Workers lose promised super after Abbott cans mining tax

WORKERS across the country will lose seven years of promised superannuation increases after the Abbott government struck a last-minute deal to repeal the mining tax on Tuesday.

The deal with the Palmer United Party and Australian Motoring Enthusiasts would essentially deliver both an immediate repeal of the tax but keep spending measures until after the next election.

It would see the spending measures associated with the tax retained, including the income support bonus and Schoolkids bonus until December 2016 and the low-income super contribution kept until June 2017.

But the Schoolkids Bonus would also become means-tested, so only those families earning $100,000 a year or less would get the payments.

Sealed only minutes before Finance Minister Mathias Cormann moved to gag debate in the Senate to pass the changes; it sparked accusations by Labor of a "stealth attack" on the Senate.

Opposition Leader in the Senate Penny Wong described it as a "dirty deal", which the government was using to "put their hand in your pocket" and take "seven years of superannuation increases".

The new legislation, which passed the Senate on Tuesday, will strip promised Labor increases to compulsory superannuation contributions from employers to workers until 2021.

Currently set at 9.5% of an employee's income, the compulsory super contributions was last year expected to rise to 12% from 2019.

But the government's last-minute changes to the mining tax repeal bills, which include the changes to superannuation, would keep it at 9.5% until 1 July 2021.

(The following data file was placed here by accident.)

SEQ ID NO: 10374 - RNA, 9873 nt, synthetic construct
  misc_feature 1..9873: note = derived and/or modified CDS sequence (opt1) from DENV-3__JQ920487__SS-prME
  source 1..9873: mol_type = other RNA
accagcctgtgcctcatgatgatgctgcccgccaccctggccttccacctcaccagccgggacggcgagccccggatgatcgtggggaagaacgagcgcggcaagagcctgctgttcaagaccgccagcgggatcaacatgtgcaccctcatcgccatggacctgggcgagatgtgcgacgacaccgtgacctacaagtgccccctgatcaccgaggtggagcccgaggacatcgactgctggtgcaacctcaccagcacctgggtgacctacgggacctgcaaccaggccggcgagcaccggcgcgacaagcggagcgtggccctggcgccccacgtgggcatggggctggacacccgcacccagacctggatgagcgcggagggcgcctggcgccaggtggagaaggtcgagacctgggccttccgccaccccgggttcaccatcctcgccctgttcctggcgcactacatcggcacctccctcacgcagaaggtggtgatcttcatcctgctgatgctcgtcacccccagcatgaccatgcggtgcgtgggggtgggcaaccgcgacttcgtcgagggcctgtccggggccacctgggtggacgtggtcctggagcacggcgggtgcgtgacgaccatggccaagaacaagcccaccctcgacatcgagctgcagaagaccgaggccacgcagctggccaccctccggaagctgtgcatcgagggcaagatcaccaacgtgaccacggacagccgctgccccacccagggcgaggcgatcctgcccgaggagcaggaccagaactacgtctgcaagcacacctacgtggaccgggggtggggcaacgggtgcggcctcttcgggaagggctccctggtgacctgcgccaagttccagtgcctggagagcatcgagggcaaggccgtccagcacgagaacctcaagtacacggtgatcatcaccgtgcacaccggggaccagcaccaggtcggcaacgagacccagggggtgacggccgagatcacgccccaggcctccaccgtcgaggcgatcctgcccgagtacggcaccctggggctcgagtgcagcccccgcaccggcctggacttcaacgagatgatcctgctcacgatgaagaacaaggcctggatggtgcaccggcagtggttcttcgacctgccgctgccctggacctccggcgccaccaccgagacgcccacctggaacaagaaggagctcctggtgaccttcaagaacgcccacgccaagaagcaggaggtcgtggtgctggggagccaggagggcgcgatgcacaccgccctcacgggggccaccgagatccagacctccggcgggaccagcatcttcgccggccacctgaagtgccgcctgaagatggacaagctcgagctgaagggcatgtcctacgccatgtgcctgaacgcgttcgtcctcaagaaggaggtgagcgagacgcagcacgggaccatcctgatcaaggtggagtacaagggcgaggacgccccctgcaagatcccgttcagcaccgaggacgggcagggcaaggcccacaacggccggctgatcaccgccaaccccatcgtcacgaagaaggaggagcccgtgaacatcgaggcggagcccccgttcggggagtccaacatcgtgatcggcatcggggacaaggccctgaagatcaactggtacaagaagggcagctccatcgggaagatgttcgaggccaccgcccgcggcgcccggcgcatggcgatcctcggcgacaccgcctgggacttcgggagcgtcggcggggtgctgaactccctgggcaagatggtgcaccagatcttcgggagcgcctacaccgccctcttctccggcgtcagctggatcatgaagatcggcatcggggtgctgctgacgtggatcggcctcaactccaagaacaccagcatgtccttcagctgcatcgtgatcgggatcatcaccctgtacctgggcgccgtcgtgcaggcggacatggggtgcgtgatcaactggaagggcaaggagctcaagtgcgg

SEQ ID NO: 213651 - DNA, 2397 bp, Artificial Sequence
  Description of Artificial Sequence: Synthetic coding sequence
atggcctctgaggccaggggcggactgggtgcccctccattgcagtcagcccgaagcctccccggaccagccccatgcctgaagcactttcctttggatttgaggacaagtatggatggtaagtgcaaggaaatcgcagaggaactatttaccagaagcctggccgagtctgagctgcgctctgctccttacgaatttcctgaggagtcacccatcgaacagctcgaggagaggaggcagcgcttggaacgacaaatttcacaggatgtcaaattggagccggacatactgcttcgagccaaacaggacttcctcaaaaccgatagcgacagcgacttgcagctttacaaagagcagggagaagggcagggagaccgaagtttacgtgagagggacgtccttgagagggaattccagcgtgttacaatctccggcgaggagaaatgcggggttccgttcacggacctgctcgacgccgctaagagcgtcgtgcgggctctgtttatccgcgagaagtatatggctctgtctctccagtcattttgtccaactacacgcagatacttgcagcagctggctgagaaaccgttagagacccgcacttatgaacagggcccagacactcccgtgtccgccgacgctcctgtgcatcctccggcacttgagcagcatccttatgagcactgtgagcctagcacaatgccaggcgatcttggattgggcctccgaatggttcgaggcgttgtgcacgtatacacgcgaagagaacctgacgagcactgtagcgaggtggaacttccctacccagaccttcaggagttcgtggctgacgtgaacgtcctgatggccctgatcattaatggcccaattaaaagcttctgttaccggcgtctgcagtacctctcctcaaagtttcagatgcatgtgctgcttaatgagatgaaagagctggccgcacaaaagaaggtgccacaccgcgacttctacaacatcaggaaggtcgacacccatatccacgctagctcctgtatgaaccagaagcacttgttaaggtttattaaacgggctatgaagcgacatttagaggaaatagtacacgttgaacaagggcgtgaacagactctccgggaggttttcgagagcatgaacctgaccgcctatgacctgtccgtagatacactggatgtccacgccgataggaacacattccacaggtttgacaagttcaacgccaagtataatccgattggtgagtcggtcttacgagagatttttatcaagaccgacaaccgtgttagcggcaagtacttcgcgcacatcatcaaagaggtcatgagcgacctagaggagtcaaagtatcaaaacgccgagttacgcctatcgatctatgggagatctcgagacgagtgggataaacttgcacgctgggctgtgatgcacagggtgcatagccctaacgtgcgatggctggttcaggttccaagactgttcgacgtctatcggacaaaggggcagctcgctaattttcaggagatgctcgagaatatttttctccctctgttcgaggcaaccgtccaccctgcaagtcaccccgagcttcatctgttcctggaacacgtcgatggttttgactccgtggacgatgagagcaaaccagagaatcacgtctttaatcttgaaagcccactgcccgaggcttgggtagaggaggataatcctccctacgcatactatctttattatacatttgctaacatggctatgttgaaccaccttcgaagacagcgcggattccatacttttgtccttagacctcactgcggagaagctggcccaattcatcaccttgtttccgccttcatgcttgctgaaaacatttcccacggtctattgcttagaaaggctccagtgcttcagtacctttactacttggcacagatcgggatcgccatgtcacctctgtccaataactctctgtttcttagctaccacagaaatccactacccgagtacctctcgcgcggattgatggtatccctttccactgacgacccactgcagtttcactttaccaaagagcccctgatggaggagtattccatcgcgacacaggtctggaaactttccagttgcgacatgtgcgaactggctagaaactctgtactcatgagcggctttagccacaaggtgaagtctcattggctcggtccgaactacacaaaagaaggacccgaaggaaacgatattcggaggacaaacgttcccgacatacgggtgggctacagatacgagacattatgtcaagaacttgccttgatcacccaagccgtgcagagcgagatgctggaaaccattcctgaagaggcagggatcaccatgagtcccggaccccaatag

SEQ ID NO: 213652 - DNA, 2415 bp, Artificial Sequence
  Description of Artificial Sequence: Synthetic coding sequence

The contribution rate would then rise to 10% and by 0.5% each year from July 2022 until it reached 12%, delaying the promised 12% rate until 2026.

Industry Super Australia chief executive David Whiteley said the changes were "short-sighted" which would hit all Australians super accounts to the tune of "tens of thousands of dollars".

The ISA estimated the changes would see a 25-year-old "average income earner" lose about $100,000 in super contributions across their working life.

PUP leader Clive Palmer said he had agreed to the government's proposal, as it would give people more money in their pockets sooner, rather than putting it away in super.

Senator Cormann said after the next election, it would "be up to the next parliament" to decide what would happen to the bonuses and super contributions.

Treasurer Joe Hockey confirmed the retained bonuses would have a "negative impact" on the budget, despite some savings from the mining tax repeal.

"This is not our preferred option, but it's the only option we have on the table," he said.

"If people think this is going to have a long-term impact on their superannuation, blame Labor. This is their fault."